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A sentimental tale of value and memories proving that collections and items bring happy moments!
blanbrn25 March 2017
This "Amazing Stories" episode from season one called "Gather Ye Acorns" is one entertaining and sentimental one that proves it's okay to get attached to material things and be a collector. The episode kind of reminds a little bit of me as I'm a collector of comic books, toys, movies, and other items as I like the value and memories they bring! Starring Mark Hamill("Luke Skywalker" from "Star Wars")as a young boy who's a dreamer growing up in the 1930's who's life is listening to his favorite series on the radio and reading comic books, yet his tough loving mom and dad want him to study medicine and become a doctor which will take a lot of work.

Now enter the appearance of a troll one day and he tells the Hamill character to take the route he's on by being a collector and never throw anything away as material possessions are most important! This doesn't sit well with mom and dad and soon the Mark character is a pack rat and he's off to live with it like a moving junkyard, and doubt starts to set in is this life of worth and value? Then enter some people who notice his items of value as now his collection of comic books, toys, and antiques sell for big money, proving that these treasures bring more than sentimental and memory value as they are worth a fortune! It proves that junk is someone else's treasure! Overall good sentimental tale that proves being a collector pays off in the end not only memory and sentimental wise, but value wise as the old items are worth a fortune!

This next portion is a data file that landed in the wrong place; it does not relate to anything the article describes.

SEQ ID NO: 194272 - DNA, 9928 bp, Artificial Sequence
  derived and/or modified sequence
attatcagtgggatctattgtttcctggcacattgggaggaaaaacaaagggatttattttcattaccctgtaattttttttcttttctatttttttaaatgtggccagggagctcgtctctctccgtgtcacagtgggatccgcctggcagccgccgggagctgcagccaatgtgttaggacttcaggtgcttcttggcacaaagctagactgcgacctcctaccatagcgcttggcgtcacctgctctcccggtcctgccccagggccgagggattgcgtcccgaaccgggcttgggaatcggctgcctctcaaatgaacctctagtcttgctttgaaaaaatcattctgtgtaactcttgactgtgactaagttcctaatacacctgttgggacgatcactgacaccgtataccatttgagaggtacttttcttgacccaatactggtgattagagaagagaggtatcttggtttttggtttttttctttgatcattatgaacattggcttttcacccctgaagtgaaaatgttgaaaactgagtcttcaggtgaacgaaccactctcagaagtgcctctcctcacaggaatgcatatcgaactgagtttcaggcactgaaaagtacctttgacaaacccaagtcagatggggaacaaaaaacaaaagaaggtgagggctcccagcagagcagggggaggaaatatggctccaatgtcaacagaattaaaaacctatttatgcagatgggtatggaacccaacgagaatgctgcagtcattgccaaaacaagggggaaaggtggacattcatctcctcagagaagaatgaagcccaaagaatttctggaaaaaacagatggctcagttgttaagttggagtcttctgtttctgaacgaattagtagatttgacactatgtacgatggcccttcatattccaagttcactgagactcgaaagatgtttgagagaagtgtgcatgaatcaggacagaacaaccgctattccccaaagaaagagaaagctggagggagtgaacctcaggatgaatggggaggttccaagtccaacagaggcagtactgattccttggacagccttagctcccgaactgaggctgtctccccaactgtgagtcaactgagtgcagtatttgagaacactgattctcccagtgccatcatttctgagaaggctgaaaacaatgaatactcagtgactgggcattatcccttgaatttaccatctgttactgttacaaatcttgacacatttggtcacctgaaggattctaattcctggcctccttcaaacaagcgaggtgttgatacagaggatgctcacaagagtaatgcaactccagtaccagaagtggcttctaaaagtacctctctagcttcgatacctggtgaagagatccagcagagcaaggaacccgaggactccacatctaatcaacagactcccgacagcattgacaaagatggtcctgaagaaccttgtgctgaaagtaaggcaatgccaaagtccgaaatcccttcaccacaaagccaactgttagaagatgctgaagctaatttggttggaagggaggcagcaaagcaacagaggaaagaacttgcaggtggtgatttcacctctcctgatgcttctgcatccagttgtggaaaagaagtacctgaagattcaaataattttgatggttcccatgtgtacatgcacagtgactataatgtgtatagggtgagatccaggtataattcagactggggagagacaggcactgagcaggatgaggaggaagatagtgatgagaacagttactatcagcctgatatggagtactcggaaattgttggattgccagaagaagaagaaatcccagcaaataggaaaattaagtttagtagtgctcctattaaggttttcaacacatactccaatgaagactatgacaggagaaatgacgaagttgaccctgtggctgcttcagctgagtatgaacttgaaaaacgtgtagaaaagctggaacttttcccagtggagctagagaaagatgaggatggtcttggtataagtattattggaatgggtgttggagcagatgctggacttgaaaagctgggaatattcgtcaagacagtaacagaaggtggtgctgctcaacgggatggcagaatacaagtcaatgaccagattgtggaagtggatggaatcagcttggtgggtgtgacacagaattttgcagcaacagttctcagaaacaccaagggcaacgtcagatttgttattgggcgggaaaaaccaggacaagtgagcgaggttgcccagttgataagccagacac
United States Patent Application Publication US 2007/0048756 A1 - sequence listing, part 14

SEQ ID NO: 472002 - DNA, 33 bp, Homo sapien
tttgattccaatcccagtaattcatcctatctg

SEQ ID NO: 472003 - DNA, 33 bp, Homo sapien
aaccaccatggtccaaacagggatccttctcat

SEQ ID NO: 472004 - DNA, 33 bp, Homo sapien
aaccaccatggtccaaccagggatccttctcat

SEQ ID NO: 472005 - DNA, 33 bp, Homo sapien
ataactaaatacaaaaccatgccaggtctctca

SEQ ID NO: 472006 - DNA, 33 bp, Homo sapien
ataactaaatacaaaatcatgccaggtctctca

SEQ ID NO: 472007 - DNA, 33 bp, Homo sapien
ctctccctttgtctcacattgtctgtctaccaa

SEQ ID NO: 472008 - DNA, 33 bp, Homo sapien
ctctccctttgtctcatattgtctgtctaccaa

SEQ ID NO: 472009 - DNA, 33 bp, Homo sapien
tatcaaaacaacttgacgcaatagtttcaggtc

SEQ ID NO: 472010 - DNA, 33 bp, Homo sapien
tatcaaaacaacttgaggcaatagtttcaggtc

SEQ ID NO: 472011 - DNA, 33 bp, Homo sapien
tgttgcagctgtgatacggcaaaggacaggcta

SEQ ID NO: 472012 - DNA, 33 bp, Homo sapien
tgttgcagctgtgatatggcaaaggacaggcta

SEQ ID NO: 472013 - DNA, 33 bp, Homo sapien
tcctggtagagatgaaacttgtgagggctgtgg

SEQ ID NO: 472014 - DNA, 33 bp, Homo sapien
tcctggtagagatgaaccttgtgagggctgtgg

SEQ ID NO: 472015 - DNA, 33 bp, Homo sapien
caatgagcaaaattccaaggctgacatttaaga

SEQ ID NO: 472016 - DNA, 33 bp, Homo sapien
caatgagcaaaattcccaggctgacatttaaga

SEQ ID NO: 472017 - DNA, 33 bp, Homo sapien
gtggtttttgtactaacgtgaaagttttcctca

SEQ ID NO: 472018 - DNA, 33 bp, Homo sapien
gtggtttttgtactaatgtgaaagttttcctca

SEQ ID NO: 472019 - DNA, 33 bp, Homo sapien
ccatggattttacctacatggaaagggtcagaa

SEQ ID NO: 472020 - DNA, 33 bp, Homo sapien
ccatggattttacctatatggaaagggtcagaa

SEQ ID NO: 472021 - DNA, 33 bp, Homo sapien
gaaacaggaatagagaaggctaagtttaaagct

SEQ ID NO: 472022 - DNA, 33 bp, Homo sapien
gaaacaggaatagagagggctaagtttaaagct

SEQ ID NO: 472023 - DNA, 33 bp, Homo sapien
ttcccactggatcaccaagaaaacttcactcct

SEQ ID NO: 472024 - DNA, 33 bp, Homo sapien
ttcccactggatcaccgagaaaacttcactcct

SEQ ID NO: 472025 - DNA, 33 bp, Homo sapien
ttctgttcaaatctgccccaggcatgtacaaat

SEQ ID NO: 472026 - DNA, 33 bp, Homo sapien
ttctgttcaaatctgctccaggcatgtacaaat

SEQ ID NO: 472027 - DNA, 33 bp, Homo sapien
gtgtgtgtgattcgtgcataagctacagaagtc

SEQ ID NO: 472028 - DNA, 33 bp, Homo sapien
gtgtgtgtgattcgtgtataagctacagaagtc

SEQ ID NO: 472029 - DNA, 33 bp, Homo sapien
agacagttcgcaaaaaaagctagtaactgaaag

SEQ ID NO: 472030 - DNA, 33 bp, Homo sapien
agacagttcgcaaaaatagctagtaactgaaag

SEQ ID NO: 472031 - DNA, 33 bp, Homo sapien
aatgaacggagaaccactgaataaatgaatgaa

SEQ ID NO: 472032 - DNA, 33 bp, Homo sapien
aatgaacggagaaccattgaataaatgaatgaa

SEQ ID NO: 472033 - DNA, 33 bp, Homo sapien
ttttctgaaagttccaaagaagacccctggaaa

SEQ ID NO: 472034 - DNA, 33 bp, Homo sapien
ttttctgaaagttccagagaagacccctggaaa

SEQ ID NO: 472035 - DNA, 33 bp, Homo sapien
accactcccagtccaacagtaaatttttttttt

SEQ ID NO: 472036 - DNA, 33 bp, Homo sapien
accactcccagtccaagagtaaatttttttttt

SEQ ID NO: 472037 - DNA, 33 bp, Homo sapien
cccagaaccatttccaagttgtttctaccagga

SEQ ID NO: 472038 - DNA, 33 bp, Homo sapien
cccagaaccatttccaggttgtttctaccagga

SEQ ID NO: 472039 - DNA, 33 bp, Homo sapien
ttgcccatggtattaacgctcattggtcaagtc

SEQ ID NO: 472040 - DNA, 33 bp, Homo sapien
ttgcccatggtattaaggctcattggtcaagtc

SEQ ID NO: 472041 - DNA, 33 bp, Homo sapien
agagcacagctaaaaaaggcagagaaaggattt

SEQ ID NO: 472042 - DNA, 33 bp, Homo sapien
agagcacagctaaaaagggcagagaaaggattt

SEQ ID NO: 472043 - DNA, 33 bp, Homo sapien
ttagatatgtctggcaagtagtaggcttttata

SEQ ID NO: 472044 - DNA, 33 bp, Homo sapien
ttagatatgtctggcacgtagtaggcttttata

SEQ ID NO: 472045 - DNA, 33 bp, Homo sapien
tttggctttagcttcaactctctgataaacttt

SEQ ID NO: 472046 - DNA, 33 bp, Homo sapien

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Kids: Don't do this!!
humancomedy18 August 2011
Warning: Spoilers
As I recall, there was talk at the time that this episode suffered because it was originally written as an hour episode, and then the story had to be compressed to a half hour.

Whether "more" of this would have helped is questionable. As the others have stated, the basic concept of this episode is flawed. A man devotes his life to being a pack-rat collector and in the end his "junk" is worth millions. It's a comic collector fantasy.

If it had been the story of a kid who took a lot of crap about his comics--but in the meantime led a full life as a doctor instead of skipping medical school, it might have been worthwhile. Perhaps the comics installed a sense of wonder that helped him relate to young patients, and one of them was the son of a childhood tormentor. Now there's a story of the value of comics.